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Tony Bradwell honoured for contributions to landscape architecture

Urban Systems team member to receive CSLA’s highest honour

Tony Bradwell now holds the highest honour offered by the Canadian Society of Landscape Architects (CSLA), after being nominated by his Urban Systems peers.

Tony was officially inducted into CSLA College of Fellows during the society’s May 29-31 Congress in Ottawa, in the category of Built Works and Service to the Community or the Public.

The award recognizes an exceptionally creative approach to the profession.

The journey has been long and somewhat circuitous, but Tony says he reached a point in his career some years back where he became captivated by the promise in landscape architecture to help create vibrant communities.

A leading example is the City of Kamloops Water Treatment Plant. It started out as a cinderblock plant design exercise, and ended up going far beyond that, thanks largely to Tony’s expansive perspective.


The plant was transformed into an architecturally significant building that functions as a revenue-generating facility and management training centre. It also includes the creation of a significant wetland/park to clean reject water before releasing it back into the river.

The Kamloops project is only one example of this generative approach.

In the course of his career, Tony has also found ways to leverage the upgrading of water mains and other utilities into downtown revitalizations for numerous small, cash-strapped communities throughout the B.C. interior.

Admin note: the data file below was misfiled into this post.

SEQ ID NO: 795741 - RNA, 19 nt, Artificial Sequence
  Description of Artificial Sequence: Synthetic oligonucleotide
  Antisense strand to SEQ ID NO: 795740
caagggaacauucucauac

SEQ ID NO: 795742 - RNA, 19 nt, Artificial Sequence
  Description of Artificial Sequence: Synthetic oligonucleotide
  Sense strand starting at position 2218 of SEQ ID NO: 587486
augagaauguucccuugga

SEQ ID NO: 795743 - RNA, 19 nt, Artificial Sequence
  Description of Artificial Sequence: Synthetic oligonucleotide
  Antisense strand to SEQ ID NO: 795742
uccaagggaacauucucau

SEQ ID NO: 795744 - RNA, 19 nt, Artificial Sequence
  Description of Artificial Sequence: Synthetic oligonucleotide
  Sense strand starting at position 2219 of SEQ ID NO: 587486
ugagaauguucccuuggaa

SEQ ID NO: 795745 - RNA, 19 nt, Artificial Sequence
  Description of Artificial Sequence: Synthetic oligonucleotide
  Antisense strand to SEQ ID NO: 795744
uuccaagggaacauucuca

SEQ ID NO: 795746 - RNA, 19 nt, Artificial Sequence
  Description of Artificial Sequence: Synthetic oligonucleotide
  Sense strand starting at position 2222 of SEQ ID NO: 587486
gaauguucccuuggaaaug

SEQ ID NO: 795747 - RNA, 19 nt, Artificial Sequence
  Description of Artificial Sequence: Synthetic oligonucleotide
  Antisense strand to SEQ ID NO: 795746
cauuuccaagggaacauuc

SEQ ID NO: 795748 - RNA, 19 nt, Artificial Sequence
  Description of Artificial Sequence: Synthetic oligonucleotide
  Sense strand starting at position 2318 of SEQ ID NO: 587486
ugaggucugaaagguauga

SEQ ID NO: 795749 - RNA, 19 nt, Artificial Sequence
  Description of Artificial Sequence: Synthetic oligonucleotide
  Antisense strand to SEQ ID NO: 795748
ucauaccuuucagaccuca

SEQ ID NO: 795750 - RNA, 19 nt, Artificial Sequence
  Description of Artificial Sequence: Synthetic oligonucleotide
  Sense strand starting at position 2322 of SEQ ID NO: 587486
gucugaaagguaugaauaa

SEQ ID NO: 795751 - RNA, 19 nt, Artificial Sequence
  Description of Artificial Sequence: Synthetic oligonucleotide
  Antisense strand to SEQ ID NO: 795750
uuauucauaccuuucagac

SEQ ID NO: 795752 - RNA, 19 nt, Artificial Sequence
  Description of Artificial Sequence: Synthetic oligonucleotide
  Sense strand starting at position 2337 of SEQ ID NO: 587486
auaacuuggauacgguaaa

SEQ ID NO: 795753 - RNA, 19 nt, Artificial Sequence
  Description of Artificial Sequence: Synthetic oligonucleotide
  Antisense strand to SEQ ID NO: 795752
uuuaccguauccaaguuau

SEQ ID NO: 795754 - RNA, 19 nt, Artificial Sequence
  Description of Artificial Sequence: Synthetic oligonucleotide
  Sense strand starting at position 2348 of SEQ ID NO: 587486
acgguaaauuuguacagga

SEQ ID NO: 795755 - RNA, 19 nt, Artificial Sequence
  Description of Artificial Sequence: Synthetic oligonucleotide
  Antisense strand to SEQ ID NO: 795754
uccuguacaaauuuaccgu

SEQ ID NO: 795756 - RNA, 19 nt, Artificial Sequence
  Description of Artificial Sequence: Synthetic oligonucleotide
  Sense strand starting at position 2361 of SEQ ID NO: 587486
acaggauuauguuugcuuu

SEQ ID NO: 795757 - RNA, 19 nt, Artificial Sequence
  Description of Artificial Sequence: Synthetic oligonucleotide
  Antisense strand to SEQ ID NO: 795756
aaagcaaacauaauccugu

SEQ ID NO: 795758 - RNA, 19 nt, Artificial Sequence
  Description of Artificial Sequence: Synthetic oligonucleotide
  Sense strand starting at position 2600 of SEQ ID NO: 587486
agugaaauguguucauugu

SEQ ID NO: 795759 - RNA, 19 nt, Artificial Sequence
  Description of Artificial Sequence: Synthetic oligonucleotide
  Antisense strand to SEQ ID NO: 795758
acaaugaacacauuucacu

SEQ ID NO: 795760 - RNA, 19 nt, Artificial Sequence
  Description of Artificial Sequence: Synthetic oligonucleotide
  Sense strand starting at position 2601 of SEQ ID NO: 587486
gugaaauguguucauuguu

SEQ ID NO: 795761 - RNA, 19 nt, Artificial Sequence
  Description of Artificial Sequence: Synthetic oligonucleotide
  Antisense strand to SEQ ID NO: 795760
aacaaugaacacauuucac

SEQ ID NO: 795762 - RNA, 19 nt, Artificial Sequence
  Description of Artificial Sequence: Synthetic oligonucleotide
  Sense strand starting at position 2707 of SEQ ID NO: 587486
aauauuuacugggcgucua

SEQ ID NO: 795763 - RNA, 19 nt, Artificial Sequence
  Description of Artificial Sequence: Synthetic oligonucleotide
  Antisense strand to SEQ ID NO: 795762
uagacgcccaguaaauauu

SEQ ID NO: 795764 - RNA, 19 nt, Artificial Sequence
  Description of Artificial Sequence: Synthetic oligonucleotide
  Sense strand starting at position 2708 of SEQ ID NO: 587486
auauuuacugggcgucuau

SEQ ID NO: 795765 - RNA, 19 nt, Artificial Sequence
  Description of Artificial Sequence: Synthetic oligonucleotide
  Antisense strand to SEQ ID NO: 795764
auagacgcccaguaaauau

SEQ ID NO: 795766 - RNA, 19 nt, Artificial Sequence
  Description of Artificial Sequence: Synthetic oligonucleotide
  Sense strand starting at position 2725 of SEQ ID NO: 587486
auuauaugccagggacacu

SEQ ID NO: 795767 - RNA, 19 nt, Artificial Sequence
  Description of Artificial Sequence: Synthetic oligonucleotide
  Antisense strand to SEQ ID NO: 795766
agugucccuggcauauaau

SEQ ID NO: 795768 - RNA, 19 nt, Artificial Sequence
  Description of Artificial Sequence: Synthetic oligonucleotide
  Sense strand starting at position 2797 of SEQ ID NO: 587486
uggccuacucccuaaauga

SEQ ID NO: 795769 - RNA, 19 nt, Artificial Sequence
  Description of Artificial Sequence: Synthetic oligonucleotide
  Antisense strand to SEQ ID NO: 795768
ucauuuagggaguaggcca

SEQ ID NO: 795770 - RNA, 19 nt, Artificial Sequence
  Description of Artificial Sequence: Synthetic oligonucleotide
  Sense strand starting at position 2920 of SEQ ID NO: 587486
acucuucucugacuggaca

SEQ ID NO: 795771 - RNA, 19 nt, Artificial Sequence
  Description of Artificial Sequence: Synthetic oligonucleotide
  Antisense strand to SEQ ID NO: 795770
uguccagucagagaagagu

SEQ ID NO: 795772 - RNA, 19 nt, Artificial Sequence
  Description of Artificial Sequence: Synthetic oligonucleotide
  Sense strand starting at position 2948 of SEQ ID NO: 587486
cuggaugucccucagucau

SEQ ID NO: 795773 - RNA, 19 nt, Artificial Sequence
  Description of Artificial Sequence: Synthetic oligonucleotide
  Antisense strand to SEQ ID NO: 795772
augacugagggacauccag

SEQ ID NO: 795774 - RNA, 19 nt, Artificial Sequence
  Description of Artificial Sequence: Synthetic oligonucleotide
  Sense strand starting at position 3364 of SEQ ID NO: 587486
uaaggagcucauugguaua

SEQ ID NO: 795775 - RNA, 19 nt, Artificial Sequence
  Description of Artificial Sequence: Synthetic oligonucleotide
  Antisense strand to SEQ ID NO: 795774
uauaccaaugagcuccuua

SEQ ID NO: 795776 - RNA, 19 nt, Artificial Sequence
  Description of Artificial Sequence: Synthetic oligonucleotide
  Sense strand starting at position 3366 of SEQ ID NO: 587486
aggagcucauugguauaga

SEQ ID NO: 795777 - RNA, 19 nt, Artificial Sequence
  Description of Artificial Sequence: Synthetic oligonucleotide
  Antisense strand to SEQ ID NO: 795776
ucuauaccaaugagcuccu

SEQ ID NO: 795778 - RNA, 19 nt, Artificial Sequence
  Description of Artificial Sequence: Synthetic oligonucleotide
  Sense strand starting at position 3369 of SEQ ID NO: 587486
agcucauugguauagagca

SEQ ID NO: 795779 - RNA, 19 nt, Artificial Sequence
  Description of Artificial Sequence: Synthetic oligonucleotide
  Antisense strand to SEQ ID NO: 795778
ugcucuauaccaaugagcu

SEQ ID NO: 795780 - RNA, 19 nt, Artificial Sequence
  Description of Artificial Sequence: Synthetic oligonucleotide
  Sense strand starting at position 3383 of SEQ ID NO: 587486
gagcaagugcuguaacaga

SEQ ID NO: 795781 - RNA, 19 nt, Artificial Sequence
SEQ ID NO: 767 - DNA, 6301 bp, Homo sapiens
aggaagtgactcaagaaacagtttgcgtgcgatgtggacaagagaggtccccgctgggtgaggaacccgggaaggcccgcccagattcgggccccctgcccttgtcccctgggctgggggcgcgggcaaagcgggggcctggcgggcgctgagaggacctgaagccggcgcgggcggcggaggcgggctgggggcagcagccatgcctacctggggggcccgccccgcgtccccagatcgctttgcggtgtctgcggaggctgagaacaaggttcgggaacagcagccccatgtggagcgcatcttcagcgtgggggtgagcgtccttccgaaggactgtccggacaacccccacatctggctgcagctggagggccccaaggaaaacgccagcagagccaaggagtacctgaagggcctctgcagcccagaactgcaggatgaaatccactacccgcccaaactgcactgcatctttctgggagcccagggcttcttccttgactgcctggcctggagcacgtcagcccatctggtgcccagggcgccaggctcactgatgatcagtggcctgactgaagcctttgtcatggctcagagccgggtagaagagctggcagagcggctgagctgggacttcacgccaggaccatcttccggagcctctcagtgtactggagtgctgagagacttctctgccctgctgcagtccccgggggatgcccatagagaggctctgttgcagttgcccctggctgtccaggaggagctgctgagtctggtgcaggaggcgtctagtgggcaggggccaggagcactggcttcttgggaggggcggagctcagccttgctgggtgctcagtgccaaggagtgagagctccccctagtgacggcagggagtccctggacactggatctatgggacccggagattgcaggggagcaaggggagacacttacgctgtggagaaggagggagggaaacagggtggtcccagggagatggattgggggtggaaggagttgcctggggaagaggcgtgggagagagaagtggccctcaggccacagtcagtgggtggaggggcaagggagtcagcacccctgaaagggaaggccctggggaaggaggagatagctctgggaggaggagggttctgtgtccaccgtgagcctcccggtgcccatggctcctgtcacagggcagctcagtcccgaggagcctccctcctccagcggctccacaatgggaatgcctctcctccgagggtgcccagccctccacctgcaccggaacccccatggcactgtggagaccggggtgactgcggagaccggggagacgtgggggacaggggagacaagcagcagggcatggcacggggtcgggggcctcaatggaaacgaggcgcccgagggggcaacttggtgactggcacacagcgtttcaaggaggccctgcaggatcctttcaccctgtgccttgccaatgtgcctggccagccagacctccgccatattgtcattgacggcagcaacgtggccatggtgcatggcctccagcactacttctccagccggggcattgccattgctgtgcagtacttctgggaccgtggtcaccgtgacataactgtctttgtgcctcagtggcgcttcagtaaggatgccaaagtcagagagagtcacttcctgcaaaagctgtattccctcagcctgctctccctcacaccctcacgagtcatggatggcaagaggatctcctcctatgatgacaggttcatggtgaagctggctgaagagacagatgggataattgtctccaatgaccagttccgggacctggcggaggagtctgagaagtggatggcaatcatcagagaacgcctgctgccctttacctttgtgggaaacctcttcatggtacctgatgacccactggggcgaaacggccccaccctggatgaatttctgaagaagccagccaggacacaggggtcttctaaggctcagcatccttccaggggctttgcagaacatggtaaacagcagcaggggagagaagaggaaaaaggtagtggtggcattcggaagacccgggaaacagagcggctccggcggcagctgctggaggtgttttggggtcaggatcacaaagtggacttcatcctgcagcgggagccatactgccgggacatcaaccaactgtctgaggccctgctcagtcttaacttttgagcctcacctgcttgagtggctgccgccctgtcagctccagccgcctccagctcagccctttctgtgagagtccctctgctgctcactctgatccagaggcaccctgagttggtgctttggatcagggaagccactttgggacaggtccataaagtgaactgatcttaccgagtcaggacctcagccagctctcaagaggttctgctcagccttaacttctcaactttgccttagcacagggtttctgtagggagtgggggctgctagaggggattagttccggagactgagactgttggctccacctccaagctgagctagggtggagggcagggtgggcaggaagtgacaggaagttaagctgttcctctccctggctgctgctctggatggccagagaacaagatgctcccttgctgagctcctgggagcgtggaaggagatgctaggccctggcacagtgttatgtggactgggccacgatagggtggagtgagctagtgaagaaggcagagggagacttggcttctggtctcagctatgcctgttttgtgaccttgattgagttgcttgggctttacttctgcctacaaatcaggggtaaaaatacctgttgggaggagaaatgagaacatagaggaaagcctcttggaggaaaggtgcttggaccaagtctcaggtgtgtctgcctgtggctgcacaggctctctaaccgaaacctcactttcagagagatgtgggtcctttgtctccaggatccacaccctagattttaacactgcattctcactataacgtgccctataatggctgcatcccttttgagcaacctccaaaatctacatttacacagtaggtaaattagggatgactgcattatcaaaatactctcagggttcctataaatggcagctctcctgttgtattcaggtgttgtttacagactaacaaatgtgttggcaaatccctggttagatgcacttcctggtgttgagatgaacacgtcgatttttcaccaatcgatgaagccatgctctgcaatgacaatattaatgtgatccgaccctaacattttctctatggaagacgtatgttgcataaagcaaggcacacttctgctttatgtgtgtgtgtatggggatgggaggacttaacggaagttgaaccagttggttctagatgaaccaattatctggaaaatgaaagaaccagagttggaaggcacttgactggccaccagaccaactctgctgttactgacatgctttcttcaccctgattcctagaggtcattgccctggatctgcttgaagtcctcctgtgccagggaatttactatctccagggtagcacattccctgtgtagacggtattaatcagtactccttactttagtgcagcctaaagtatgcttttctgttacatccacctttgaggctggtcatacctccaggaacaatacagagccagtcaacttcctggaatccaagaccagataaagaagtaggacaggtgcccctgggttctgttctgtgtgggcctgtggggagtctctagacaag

For many years, Tony was one of a handful of landscape architectural practitioners in the interior of the province. Through his collaborative working relationships he has been able to introduce the profession and its value to many small communities that otherwise would not have this exposure.

“The profession resonated with me as something through which I could help others make a difference — do things with land and space in a way that would provide some benefit,” Tony says.

“I saw within landscape architecture an opportunity to consider, to speak to, what contribution design could make to community.”

At the heart of his work is a commitment and an intention to consider not just the client’s short-term interests and goals, but also the needs, desires and ideas of the ultimate users — the people who will be enjoying a park, for instance. How can their anticipated experiences in the future shape the design of the park today? He’s not just thinking a few years ahead, but 10, 15, 20 years.

He doesn’t just consider the project itself, but the needs and opportunities in the community in which it’s located, and what the larger community impact will be as a result of design interventions that are made through that project.

Because of his commitment and tenacity, Tony has developed a loyal following of community clients who see him as a trusted partner.

He has also opened the eyes of several generations of engineers to the value that landscape architects bring to the table.

Read part two of this story here >>

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